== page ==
"Before I went, he asked if I thought I really should go [on holiday]. But it was all booked and sorted so I went."
While she was away, he messaged and left it open to her to contact him when she returned to New Zealand.
In Thailand, she thought about Dotcom, shopped for presents for his children then came back to New Zealand to tell her mum she was going to 'see' Dotcom.
Her mother replied: "Oh my God, what is everyone in our family going to say?" (It seems, quite a bit: "The majority of them have accepted it now for what it is. They now know we're together and we're married.")
There never seemed much of an issue with age to her, she says. "At the time I was already hanging around an older group of people. It wasn't too unusual.
"Everyone I was hanging around with was around that age. I'm not the first and I won't be the last (to love an older man)."
It seems more common overseas, she thinks, and wonders if New Zealand is just "judgey".
"It's just normal to me. And Kim is the biggest kid anyway."
By the time it became public - early February 2016 - they had decided it was love.
"We just clicked. Things got pretty serious straight away. We both knew that's what we wanted. It wasn't like either of us was feeling pressured into it. We both wanted it."
Dotcom warned her that going public would create "craziness". "He prepared me, made sure that's what I wanted."
It seems naive, now, she says. She had thought there might be a few media stories and the world would move on.
"But it really just blew up." The response stunned her because it's not how she saw the situation.
"It still doesn't seem as big as what a lot of people make out. It's hard to comprehend."
The commentary was brutal. Now 22, she's exactly half his age and - as many pointed out - quite a bit less than half his weight. These points and others were made repeatedly, often cruelly, online.
"I never once was upset. A lot of girls would have been really upset with what people are saying. The truth hurts but none of it was true. The mean things people were saying - none of it hurt me. It really didn't.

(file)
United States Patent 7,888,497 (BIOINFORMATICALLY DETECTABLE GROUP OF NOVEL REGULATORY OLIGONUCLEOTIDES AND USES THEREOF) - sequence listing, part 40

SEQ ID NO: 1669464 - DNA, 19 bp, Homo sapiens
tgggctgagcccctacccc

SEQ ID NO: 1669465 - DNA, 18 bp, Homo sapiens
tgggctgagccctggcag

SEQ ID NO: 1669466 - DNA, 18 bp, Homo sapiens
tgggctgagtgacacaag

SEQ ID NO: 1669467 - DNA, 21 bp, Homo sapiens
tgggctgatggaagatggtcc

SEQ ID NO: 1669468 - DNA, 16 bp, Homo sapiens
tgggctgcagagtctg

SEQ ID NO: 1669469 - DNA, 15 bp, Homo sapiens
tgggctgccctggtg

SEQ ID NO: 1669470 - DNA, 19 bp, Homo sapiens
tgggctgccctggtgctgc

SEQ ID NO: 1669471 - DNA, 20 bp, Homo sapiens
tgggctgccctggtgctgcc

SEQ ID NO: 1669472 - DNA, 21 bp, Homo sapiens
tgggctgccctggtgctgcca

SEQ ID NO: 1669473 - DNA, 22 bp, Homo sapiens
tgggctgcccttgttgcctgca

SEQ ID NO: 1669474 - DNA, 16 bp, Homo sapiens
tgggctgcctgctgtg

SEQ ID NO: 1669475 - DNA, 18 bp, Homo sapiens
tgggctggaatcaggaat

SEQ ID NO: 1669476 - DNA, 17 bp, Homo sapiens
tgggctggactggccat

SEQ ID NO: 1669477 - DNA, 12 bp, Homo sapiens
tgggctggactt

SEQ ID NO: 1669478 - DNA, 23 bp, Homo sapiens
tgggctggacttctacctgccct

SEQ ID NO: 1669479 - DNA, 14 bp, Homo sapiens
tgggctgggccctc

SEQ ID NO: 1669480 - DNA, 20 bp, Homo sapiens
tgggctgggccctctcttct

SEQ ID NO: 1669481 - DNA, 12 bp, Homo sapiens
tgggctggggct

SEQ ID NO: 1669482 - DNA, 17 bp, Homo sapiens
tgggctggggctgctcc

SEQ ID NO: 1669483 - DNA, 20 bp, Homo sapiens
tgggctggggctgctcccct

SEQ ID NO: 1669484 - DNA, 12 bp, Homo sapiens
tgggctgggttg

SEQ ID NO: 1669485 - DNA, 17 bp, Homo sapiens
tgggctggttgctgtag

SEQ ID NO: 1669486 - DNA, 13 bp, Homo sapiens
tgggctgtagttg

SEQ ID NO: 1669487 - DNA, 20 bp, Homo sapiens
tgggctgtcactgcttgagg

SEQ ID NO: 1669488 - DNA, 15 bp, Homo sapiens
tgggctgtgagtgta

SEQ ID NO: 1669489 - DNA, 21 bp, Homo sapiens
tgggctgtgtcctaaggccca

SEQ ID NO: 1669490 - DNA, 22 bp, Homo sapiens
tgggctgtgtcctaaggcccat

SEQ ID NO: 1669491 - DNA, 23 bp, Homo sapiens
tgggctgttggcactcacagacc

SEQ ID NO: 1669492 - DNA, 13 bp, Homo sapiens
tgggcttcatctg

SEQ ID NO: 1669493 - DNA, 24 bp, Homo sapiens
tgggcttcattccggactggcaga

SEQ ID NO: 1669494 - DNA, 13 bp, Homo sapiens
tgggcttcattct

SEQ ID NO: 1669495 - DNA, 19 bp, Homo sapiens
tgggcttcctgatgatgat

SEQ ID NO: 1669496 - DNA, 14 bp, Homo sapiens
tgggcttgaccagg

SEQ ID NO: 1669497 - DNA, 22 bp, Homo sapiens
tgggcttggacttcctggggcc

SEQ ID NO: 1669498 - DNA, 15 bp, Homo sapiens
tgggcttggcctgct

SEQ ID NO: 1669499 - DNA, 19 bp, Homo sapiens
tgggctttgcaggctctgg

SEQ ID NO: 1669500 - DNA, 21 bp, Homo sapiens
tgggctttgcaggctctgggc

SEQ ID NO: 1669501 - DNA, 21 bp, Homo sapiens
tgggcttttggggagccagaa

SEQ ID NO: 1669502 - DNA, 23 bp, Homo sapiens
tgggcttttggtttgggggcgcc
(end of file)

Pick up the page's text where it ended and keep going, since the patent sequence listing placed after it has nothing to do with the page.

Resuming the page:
"I was just so happy with Kim. He was so nice and everything was so pretty and perfect, I just blocked it out."
As it got increasingly out of control, they devised a break up that never really happened.
"I think we were together while he was tweeting [the break up announcement]. We just needed a bit of peace because it was getting a bit crazy.
"It made people leave us alone. They kind of realised what they had done. And then they shut down."
Liz likens it to cyberbullying - "it's like with a teenage girl where they all feel really bad after she does something".
And then they cancelled the "break up" and it started again and, one way or another, it has never really stopped.
But the slurs stay online. "No one is mean when we're out." People call out to say hello or offer well wishes.
Neither of the couple asked to marry the other. "It was kind of just a given. We wanted to from the start. At the very start, we had spoken about it, for sure.
"He knows what he wants. I think there was no point in going on and on if it wasn't what I wanted when he already knew."
Is she too young to get married? "I don't think so." Having said that, she admits to be being constantly surprised it came along as soon in life as it did.
It continued to surprise her, although that's now replaced with surprise that it has happened. She was called "Mrs Dotcom" the other day. "I'm married to Kim. It's so crazy."
I ask about their first argument. Dotcom is an interesting person to argue with because he doesn't, ever, like to lose.